Brown, Marcus. 2019. “Bad Faith and Afropessimism: Notes Toward a Debate.” Red Voice.
Cabral, Amílcar. 1973. Return to the Source: Selected Speeches of Amilcar Cabral. New York, NY: Monthly Review Press.
—. 1979. Unity and Struggle: Speeches and Writings of Amilcar Cabral. New York, NY: Monthly Review Press.
—. 2016. Resistance and Decolonization. London, UK: Rowman & Littlefield.
Fanon, Frantz. 1952. Black Skin, White Masks. New York, NY: Grove Press.
—. 1959. A Dying Colonialism. New York, NY: Grove Press.
—. 1961. The Wretched of the Earth. New York, NY: Grove Press.
—. 1964. Toward the African Revolution. New York, NY: Grove Press.
—. 2018. Alienation and Freedom. London, UK: Bloomsbury.
Ferguson, Roderick. 2019. “To Catch a Light-Filled Vision: American Studies and the Activation of Radical Traditions.” American Quarterly 71(2): 317-335.
Gordon, Lewis R. 1995. Bad Faith and Antiblack Racism. Atlantic Highlands, NJ: Humanities Press.
—. 1995. Fanon and the Crisis of European Man: An Essay on Philosophy and the Human Sciences. New York, NY: Routledge.
—. 1997. Her Majesty’s Other Children: Sketches of Racism from a Neocolonial World. Lanham, MD: Rowman & Littlefield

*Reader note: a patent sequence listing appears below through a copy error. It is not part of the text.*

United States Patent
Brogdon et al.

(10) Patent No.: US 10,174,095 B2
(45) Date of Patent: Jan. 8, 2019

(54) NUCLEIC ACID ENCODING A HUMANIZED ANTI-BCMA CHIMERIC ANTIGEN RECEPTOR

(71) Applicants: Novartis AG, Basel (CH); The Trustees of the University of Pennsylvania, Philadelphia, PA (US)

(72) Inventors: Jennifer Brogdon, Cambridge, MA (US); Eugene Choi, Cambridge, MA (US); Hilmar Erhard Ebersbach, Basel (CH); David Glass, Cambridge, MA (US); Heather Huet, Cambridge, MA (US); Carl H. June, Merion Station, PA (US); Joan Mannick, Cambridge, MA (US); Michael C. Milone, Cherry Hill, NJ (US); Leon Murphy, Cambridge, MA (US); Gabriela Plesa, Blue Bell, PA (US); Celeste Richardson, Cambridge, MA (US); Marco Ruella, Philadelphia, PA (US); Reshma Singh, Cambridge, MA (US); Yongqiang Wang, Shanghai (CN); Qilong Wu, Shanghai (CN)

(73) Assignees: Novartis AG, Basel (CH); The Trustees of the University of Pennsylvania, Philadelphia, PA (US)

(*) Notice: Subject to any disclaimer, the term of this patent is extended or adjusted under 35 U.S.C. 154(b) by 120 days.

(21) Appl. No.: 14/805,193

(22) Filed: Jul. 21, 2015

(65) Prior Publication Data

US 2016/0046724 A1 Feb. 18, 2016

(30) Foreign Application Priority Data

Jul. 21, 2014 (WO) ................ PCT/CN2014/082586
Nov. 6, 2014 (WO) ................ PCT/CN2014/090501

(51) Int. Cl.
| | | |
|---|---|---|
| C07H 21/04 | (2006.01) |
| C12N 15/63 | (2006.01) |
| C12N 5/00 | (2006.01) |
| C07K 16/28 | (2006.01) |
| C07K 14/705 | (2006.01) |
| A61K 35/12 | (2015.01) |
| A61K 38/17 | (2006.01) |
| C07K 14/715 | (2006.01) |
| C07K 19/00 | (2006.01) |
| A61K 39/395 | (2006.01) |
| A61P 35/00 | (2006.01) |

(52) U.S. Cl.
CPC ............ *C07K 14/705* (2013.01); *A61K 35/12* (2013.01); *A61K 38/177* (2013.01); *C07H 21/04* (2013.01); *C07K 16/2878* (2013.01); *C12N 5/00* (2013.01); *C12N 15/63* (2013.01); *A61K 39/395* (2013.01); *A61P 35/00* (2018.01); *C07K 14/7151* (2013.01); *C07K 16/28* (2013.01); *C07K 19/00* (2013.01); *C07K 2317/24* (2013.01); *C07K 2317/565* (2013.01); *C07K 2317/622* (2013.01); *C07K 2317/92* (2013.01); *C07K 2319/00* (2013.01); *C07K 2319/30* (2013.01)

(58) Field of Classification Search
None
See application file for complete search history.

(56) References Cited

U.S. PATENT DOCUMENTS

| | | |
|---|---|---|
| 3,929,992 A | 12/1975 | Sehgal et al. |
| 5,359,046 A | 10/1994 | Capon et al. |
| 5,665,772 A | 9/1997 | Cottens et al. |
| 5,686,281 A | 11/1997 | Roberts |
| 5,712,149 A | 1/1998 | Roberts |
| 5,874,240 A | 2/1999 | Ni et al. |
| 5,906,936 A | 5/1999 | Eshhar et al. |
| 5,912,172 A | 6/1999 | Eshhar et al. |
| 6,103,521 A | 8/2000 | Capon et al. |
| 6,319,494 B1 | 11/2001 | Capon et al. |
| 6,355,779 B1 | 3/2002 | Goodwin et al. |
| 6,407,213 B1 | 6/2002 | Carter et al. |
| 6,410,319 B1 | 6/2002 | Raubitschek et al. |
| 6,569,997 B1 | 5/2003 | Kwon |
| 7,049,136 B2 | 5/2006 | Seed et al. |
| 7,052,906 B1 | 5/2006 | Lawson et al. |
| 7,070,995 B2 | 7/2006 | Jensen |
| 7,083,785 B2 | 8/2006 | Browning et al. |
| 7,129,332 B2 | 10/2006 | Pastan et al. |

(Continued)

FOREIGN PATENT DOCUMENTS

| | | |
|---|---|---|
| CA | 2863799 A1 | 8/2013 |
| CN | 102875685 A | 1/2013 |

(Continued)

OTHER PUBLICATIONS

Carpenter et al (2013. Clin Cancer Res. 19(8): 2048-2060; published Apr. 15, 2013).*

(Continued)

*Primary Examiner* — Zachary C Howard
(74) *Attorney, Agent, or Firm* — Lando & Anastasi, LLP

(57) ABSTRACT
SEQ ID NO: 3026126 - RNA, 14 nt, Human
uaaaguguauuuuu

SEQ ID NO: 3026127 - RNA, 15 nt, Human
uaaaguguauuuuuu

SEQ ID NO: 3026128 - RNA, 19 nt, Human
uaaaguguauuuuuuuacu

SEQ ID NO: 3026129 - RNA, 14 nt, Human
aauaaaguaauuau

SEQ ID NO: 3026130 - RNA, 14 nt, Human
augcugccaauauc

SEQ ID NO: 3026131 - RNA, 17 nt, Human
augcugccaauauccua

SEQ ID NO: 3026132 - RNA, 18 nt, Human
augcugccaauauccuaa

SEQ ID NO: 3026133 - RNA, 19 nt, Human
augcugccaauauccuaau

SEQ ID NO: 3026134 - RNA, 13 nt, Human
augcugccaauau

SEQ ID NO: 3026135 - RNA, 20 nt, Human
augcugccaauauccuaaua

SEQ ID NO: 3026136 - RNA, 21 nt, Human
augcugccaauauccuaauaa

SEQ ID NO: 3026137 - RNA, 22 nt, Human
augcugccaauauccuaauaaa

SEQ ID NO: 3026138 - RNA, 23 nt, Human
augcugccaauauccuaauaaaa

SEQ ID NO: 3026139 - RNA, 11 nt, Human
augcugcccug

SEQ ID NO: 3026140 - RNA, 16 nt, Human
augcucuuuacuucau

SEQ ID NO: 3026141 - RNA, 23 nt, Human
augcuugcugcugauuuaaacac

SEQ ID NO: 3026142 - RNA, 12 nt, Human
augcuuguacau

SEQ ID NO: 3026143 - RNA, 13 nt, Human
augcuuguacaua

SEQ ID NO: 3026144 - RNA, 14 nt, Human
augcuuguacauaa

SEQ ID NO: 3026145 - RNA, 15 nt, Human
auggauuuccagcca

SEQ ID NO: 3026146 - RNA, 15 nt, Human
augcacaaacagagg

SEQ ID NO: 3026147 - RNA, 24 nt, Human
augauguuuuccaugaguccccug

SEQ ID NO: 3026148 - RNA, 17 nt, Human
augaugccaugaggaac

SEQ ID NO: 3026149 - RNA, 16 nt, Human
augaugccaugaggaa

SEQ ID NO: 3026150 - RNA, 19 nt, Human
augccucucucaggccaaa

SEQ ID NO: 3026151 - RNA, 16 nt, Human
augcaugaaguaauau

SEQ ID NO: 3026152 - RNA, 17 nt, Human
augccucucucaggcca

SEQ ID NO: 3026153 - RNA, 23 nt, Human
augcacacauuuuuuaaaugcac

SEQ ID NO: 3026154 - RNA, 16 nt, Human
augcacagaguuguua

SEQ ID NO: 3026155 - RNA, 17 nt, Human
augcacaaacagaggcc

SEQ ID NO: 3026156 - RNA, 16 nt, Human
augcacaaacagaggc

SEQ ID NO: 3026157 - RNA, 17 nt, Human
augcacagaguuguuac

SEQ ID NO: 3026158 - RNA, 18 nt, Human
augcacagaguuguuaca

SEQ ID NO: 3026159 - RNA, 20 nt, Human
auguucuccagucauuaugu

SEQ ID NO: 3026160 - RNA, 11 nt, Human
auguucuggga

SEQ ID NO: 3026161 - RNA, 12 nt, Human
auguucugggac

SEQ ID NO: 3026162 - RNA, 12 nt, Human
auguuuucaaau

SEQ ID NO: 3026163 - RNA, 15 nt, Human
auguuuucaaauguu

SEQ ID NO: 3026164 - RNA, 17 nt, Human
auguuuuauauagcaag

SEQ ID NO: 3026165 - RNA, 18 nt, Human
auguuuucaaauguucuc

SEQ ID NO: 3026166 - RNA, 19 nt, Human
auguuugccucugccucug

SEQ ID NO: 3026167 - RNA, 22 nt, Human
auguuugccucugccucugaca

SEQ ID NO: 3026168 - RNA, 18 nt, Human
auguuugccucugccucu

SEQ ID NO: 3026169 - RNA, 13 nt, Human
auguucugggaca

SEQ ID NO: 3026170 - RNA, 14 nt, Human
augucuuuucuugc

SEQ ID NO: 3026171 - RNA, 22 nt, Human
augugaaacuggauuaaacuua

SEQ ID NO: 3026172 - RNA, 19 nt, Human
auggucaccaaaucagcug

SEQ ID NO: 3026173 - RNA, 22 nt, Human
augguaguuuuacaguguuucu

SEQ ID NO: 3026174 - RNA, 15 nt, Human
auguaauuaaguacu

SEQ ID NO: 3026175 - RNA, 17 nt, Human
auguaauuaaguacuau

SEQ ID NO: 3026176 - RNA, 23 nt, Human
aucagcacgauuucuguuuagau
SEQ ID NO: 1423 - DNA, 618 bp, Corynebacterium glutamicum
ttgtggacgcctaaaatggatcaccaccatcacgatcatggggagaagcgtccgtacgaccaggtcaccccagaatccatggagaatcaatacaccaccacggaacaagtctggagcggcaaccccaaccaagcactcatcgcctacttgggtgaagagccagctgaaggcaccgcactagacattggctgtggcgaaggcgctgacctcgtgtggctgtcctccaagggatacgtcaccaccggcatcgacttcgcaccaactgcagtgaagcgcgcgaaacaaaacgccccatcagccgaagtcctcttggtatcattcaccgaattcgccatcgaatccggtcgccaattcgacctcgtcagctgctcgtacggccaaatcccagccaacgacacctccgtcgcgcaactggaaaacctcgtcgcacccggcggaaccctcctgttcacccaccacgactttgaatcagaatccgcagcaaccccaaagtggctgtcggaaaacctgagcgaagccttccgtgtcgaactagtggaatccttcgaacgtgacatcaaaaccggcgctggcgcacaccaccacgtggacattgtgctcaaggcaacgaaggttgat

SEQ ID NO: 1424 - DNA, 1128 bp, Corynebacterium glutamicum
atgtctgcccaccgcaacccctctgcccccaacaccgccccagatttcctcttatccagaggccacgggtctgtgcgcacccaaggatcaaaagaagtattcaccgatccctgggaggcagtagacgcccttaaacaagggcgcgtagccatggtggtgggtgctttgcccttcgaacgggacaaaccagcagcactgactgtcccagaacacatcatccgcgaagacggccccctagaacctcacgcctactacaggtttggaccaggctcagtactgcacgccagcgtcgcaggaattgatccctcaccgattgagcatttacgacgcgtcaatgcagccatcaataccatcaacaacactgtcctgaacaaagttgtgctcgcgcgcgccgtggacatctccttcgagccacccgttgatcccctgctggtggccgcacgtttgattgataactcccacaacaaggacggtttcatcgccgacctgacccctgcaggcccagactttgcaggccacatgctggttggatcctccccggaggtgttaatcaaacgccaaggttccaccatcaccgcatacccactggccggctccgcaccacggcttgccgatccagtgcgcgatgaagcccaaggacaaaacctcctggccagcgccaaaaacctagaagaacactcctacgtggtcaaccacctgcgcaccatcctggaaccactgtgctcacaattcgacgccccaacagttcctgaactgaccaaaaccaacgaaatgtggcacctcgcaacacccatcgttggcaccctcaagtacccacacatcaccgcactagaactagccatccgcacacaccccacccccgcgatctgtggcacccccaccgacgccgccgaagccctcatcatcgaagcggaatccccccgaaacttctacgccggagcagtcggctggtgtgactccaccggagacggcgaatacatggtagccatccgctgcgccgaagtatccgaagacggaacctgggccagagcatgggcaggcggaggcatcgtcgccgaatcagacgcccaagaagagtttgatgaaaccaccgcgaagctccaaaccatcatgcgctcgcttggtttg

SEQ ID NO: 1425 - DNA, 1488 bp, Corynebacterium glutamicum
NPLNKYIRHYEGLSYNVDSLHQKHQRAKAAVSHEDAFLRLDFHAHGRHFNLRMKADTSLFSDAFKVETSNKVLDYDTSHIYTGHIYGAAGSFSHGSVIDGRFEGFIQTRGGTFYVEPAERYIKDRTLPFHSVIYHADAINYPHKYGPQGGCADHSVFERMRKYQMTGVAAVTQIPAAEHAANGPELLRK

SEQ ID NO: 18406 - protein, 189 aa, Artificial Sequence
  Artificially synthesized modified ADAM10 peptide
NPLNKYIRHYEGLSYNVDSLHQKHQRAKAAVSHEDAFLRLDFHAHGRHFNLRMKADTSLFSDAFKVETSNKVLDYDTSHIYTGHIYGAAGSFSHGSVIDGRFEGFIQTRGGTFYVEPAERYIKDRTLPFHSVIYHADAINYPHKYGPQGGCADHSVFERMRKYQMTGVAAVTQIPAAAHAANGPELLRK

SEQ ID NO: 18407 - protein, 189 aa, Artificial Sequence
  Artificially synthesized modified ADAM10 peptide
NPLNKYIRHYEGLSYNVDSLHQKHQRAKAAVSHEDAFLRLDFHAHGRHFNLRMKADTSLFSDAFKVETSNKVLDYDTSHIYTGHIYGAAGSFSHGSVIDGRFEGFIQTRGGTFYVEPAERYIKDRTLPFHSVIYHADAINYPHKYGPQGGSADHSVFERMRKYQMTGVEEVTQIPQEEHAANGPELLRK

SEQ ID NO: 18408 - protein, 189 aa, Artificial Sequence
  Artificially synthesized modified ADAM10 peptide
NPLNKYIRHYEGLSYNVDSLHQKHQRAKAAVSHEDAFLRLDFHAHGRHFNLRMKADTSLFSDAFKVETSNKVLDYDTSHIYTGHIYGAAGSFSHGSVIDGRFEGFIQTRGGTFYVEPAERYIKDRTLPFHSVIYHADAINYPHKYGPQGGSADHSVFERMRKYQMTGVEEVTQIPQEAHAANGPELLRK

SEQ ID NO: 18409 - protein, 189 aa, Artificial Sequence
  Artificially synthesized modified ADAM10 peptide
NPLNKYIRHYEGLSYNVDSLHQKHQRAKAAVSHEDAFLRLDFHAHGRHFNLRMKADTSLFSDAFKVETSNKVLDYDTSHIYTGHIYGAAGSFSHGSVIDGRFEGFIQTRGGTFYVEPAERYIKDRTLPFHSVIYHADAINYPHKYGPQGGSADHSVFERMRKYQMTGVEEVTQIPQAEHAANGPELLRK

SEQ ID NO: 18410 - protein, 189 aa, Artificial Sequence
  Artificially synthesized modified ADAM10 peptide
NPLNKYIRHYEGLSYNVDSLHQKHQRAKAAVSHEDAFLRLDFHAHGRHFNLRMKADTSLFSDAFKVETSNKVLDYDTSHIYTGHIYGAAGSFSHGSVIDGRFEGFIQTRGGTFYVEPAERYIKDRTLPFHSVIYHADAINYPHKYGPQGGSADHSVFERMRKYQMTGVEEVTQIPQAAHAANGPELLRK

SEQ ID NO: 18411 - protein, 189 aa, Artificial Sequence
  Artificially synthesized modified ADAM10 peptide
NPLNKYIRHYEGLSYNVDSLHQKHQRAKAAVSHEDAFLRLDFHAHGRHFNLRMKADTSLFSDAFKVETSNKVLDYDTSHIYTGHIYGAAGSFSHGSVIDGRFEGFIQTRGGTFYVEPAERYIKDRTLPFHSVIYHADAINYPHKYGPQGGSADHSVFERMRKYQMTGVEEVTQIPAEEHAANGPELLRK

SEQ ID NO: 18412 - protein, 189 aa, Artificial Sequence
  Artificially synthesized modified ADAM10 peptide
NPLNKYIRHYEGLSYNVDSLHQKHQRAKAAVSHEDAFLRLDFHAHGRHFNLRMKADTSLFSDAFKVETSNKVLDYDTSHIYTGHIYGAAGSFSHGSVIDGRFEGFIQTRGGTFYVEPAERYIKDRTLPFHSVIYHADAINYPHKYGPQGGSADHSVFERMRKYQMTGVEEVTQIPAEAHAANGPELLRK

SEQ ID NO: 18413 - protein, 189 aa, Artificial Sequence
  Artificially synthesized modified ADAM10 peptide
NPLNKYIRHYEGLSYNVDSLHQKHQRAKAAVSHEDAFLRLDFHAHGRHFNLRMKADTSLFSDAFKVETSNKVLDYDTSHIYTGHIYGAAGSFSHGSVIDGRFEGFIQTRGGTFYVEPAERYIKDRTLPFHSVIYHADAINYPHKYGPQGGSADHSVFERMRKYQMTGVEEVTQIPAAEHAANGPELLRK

—. 2000. Existentia Africana: Understanding Africana Existential Thought. New York, NY: Routledge.
—. 2006. “Is the Human a Teleological Suspension of Man? Phenomenological Exploration of Sylvia Wynter’s Fanonian and Biodicean Reflections.” In After Man, Towards the Human: Critical Essays on the Thought of Sylvia Wynter, edited by Anthony Bogues, 237-257. Kingston, JA: Ian Randle.
—. 2007. “Though the Hellish Zone of Nonbeing: Thinking through Fanon, Disaster, and the Damned of the Earth.” Human Architecture: Journal of the Sociology of Self-Knowledge 5 (3): 5-11.
—. 2012. “Of Illicit Appearance: The L.A. Riots/Rebellion as a Portent of Things to Come.” Truthout.
—. 2013. “Race, Theodicy, and the Normative Emancipatory Challenges of Blackness.” South Atlantic Quarterly 112 (4): 725–736.
—. 2013. “Thoughts on Dussel’s “Anti-Cartesian Meditations”.” Human Architecture: Journal of the Sociology of Self-Knowledge 11 (1): 67-72.
—. 2020. Freedom, Justice, and Decolonization. London, UK: Routledge.
Henry, Paget. 2000. Caliban’s Reason: Introducing Afro-Caribbean Philosophy. New York, NY: Routledge.
—. 2016. Journeys in Caribbean Thought: The Paget Henry Reader. London, UK: Rowman & Littlefield.
Jackson, Shona N. 2012. Creole Indigeneity: Between Myth and Nation in the Caribbean. Minneapolis, MN: University of Minnesota Press.